The programme was originally authorised by President George W. Bush against a relatively short list of high-level al Qaeda officials, and with highly restrictive conditions on approval of each strike. The strike could not be approved unless the target was identified with high confidence, and a complete assessment of “collateral damage” had to ensure against significant civilian casualties.

In early 2008, however, Bush approved the removal of previous restraints. As recounted by David Sanger in his 2009 book, “The Inheritance”, Bush authorised strikes against targets merely based on visual evidence of a “typical” al Qaeda motorcade or a group entering a house that had been linked to al Qaeda or its Pakistani Taliban allies.

As a top national security aide to Bush acknowledged to Sanger, the shift was “risky” because, “you can hit the wrong house or mistakenly misidentify the motorcade”.

It also meant that anyone who could be linked in some way to al Qaeda, the Taliban or “associated forces” could now be targeted for drone attacks.

The Obama administration has continued to justify the programme as aimed at high-value targets, suggesting that it can degrade al Qaeda as an organisation by a “decapitation” strategy, according to Addicott. However administration officials now privately admit that the objective of the programme is to “demoralise the rank and file”, he said.

That won’t work, according to Addicott, because, “These are tribal people. They don’t view life and death the way we expect them to.”

In effect, the drone strikes programme has become an “attrition” strategy for Pakistan, Addicott said.

Such a strategy in Pakistan’s tribal region appears to be futile. Madrassas in the region have churned out tens of thousands of young men with militant views, and their activities are spread across hundreds of sites in the region. A U.S. military intelligence official told Bill Roggio of The Long War Journal in 2009 that there were 157 training camps and “more than 400 support locations” in the tribal northwest.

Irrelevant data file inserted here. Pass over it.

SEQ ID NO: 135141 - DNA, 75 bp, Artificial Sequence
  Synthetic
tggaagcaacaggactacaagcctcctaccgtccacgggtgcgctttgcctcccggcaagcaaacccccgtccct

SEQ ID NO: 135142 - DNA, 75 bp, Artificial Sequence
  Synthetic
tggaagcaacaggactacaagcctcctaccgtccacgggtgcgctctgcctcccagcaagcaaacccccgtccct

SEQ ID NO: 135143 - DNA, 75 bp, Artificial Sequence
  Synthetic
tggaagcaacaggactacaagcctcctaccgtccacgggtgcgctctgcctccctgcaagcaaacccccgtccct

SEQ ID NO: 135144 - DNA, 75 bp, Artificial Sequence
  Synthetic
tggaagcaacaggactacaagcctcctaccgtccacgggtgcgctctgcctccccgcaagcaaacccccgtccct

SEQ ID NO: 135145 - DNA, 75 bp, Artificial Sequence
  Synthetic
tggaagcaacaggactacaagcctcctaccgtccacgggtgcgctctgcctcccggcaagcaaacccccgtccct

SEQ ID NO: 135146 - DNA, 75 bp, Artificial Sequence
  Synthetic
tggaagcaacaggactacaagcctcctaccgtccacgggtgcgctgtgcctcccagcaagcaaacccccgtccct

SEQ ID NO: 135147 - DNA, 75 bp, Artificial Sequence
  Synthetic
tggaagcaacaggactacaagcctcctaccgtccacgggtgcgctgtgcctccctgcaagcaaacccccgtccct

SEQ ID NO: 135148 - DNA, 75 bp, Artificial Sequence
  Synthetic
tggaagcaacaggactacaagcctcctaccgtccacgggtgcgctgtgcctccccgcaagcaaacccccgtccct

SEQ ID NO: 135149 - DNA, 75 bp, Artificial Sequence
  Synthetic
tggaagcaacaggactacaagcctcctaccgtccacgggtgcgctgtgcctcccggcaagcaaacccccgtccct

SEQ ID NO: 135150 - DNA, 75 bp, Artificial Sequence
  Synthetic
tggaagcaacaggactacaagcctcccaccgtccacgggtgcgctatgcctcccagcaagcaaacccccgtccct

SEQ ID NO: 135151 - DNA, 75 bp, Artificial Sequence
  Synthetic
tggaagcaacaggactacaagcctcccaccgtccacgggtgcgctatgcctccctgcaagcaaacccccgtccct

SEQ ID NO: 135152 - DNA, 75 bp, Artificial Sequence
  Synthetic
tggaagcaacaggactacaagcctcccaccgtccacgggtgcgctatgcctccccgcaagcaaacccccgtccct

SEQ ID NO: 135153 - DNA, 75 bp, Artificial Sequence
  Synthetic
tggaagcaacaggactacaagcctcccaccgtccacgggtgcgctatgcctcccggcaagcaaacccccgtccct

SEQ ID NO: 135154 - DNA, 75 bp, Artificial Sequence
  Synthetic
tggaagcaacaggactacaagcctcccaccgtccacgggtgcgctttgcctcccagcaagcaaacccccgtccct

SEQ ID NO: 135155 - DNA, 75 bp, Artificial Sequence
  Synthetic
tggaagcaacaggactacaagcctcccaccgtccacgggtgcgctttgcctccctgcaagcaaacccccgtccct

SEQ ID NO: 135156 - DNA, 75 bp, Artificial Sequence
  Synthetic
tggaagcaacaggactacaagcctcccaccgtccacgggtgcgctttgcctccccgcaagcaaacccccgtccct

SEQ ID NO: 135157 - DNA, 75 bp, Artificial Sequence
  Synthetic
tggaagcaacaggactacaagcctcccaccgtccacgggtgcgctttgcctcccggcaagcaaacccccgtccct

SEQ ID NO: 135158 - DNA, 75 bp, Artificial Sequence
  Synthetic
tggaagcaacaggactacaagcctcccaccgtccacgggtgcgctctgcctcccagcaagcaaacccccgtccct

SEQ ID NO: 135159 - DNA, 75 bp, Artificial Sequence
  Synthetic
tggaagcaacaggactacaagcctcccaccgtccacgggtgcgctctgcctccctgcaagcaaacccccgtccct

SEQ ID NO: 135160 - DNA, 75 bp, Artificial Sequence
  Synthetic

Within the administration, it appears that the logic behind the programme is that it has to be seen to be doing something about al Qaeda. “The argument I get from people associated with the programme,” said Micah Zenko, a fellow in Conflict Prevention at the Council on Foreign Relations, “is the same as the one [CIA Director Leon] Panetta gave last year.”

“Very frankly,” Panetta declared May 18, 2009, “it’s the only game in town in terms of confronting or trying to disrupt the al Qaeda leadership.”

Zenko, who has studied the bureaucratic in-fighting surrounding such limited uses of military force, told IPS drone strikes have appealed to the Obama administration because they offer “clear results that are obtained quickly and are easily measured”.

All the other tools that might be used to try to reduce al Qaeda influence in Pakistan and elsewhere take a long time, require cooperation among multiple actors and have no powerful political constituency behind them, Zenko observed.

Dissent from those who are involved in the programme itself has little effect when it is up against what is perceived as political pressure to show progress against al Qaeda – no matter how illusory.

GARETH PORTER is an investigative historian and journalist with Inter-Press Service specialising in U.S. national security policy. The paperback edition of his latest book, “Perils of Dominance: Imbalance of Power and the Road to War in Vietnam“, was published in 2006.






Gareth Porter is an independent investigative journalist and winner of the 2012 Gellhorn Prize for journalism. He is the author of the newly published Manufactured Crisis: The Untold Story of the Iran Nuclear Scare.